# Reading pulses from meters with pulse outputs.. using arduino

Contents

A note on what this document covers

The key addition to the wealth of online information about pulse counting is the method of counting pulses from multiple sources (up to 12) using continuous sampling and direct port manipulation in an Arduino sketch instead of interrupt-based counting.

When tallying pulses from one or two pulse output meters, it is recommended to utilize the interrupt approach. The Arduino has just two interrupt pins, but if you need to monitor pulses from additional sources, continue reading!

There is information available on connecting with wired or switched pulse outputs as well.

Interrupt method

Interrupt method sleep

## Introduction

Several meters come with pulse outputs, such as electrical meters like single-phase, three-phase, import, and export meters. Gas meters, water meters, and so on.

The pulsating output could either be a blinking LED or a switching relay, which is typically solid state, or possibly both.

For an electricity meter, each pulse output represents a specific quantity of energy flowing through the meter (measured in Kwhr/Wh). For household single-phase electricity meters (e.g., Each pulse in Elster A100c) usually represents 1 Wh (1000 pulses per kwh). In the situation of higher power meters, such as three-phase ones, each pulse represents a larger energy value. 2 watt-hours per pulse or possibly even 10 watt-hours per pulse.

A100C BS Single Phase Meter

Figure 1 represents a pulse output. The duration of the high pulse, T_high, changes based on the pulse output gauge. Certain pulse output meters have the capability to adjust the value of T_high. The temperature remains consistent throughout the operation. T_high for the A100c pulse output meter is set at 50 milliseconds. The power measured by the meter is indicated by the duration of T_low between the pulses.

Calculating Energy
For the A100c meter each pulse represents a 1000th of a KWhr of 1Whr of energy passing through the meter.

Calculating Power
3600 seconds per hour = 3600J per pulse ie. 1 Whr= 3600J
therefore instantaneous power P=3600/T where T is the time between the falling edge of each pulse.

#### Optical Pulse Counting: Flashing LEDs

A lot of electricity meters either lack pulse output connections or have connections that are not easily accessible because of utility company restrictions. Every contemporary meter contains a light-emitting diode optical pulse output. An optical sensor can be utilized to connect with the meter in those situations.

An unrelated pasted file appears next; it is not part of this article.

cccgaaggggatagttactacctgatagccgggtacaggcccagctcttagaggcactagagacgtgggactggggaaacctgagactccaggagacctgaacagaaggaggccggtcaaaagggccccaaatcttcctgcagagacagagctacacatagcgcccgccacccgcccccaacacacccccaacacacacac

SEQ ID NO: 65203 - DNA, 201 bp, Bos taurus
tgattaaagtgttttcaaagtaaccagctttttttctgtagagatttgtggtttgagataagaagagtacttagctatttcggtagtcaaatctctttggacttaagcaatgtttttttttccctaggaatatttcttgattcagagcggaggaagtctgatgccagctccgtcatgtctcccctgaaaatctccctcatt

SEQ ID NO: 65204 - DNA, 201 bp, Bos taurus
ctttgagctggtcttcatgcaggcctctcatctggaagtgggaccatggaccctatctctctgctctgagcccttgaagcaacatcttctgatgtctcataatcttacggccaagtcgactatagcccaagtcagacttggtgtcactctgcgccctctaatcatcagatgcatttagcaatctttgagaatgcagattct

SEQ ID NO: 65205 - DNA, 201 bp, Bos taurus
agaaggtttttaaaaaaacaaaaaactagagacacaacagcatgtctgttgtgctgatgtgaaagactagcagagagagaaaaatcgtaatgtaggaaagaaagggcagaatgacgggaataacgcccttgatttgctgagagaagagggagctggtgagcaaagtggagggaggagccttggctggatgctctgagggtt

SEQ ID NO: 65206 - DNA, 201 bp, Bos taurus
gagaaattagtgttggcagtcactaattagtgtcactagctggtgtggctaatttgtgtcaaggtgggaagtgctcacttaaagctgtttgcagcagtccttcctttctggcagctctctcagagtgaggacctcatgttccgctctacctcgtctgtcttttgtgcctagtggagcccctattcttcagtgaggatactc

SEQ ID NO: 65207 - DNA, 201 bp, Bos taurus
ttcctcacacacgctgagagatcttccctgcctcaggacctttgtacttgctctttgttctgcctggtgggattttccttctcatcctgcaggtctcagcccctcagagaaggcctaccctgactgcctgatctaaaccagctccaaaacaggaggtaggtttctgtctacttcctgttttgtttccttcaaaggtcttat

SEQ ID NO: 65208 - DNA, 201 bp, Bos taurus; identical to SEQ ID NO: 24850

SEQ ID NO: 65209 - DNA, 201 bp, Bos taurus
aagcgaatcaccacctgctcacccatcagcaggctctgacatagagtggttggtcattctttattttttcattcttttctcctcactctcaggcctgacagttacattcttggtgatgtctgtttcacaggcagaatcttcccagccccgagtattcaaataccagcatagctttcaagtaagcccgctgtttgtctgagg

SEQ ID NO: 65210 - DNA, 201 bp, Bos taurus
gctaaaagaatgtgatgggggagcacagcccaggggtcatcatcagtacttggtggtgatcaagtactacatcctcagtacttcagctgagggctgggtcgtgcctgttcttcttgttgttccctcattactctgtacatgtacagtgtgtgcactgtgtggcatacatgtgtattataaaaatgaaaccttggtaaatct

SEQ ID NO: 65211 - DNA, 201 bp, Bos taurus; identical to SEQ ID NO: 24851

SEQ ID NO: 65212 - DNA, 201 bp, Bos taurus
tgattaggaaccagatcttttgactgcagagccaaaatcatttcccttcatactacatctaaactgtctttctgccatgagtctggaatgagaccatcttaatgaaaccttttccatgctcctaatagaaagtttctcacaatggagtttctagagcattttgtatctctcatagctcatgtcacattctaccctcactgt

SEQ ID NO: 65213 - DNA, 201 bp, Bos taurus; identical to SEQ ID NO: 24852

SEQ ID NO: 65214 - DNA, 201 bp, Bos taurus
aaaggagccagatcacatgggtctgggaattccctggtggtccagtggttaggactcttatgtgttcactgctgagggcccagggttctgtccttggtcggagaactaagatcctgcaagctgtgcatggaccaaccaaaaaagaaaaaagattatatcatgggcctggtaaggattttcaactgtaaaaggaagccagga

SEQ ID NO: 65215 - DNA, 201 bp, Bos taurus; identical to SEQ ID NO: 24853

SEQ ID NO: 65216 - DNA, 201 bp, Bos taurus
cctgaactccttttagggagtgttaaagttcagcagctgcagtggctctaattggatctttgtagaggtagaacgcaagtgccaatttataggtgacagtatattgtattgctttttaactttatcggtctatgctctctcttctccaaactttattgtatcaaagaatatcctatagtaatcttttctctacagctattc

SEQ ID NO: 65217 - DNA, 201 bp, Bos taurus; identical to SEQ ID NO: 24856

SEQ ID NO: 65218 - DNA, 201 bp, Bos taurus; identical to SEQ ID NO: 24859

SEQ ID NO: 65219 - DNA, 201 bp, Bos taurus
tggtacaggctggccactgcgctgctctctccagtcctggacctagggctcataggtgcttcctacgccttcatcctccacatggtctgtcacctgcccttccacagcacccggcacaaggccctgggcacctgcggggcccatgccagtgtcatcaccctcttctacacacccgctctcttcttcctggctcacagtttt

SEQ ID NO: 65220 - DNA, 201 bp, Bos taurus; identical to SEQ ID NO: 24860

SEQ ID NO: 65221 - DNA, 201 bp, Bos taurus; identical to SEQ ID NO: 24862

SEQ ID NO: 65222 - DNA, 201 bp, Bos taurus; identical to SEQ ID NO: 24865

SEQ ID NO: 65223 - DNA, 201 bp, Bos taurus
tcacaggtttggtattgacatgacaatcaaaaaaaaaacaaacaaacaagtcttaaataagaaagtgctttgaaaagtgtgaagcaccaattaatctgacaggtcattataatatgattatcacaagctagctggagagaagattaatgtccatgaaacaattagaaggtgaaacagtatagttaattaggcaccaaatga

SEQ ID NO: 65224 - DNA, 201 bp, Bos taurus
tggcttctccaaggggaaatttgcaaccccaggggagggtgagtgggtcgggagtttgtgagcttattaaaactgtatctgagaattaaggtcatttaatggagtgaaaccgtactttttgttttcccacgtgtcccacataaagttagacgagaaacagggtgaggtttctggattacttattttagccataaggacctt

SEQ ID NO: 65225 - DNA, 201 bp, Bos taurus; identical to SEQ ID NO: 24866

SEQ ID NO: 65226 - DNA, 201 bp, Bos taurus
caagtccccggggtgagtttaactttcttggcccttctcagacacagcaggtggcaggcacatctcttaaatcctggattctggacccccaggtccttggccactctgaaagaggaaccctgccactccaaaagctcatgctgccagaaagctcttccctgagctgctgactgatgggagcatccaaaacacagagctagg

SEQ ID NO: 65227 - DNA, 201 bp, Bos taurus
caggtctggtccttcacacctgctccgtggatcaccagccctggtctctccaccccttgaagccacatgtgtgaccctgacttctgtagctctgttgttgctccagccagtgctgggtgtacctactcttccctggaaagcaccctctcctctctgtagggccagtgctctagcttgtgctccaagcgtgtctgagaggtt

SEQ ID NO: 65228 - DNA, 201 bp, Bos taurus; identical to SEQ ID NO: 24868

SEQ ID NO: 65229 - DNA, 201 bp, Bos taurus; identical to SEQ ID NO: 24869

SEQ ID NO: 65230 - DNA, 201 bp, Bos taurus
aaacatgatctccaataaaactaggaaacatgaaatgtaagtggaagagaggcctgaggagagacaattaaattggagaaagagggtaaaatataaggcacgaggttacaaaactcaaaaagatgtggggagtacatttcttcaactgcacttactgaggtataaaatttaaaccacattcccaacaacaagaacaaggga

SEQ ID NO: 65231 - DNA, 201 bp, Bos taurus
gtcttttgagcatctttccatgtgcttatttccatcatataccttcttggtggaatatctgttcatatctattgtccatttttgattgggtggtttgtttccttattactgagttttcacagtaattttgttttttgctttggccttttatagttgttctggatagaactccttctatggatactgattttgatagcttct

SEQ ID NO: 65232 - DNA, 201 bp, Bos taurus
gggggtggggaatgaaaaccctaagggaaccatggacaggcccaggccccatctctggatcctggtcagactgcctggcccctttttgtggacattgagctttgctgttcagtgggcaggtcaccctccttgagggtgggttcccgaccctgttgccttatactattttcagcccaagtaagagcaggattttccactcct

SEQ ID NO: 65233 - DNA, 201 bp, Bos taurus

The A100c picture above shows the red pulse-output LED. In order to identify the pulses emitted by the LED, a light sensor is required, which can be found on the [link to shop page]. This comes with a RJ45 plug for conveniently connecting to the pulse input of an emonTx or emonPi.

A photo-diode and a two-transistor amplifier-driver circuit are housed within the sensor’s small p.c.b.

The circuit functions effectively overall, but it does have some drawbacks: it is sensitive to surrounding light, requiring protection from strong light; the green LED may not accurately indicate the output status, resulting in a logic high output without the green LED illuminating.

The pulse input of the emonTx and emonPi comes with the internal pull-up active to avoid counting spurious pulses when nothing is connected, although the resistor R4 has the ability to pull the output down when the transistor is turned off. Adding a pull-up resistor or an external pull-down should not be needed. In case of intense interference, a relatively small capacitor can be added between the pulse output and GND. The pulse width and maximum pulse rate will determine its value, starting with 100 nF would be advisable.

#### Other Optical Sensors

Other sensors that operate in the visible and infra-red ranges should be usable. A photo-diode or photo-transistor will be suitable, and you will need a similar interface circuit to give a usable pulse output. A light-dependent resistor is unlikely to be satisfactory due to its very slow response time.

#### Wired / Switched Output Pulse Detection

A wired pulse output is present in a lot of meters. Frequently, this will be identified or explained in the documentation as “S0”. The S0 interface, as defined in EN62053-31, is a standardized hardware interface. In the meter, there is a switch – possibly a reed relay but probably an optically isolated transistor. The emonTx or emonPi must provide the required operating voltage.

The “S0-” terminal of the meter needs to be connected to GND, while the “S0+” terminal should be connected to the pulse input. If the internal pull-up is not powerful enough, a 1 kΩ resistor should be linked between the 3.3 V terminal and the pulse input for ample current flow.

If the meter’s pulse output does not have the “S0” label, then you must understand that it is not suitable for direct connection with an Arduino, emonTx, or emonPi and figure out its specific functionality. A connection at high voltage may be necessary, and isolation will need to be implemented.

#### Wired / Switched Output Supply Voltage

From what I understand, 24V is a fairly standard supply for such meter systems, but other voltages can usually be used. Meters often have a fairly wide pulse output supply voltage range of 3 to 35V. So the 5V supply from an Arduino could be used. Higher voltages are desirable when there is more noise in the environment and the cable runs are longer.

#### Safety

Be cautious of pulse outputs connected to the mains: Ensure that the pulse output of your meter is not linked to the high voltage mains inside the meter. Certain meters have a pulse output connector linked to the neutral. If your meter falls into this category, you will require an isolation circuit to connect it to an Arduino.

Live wire proximity: The pulse outputs are usually very close to live wires, so watch out for those too!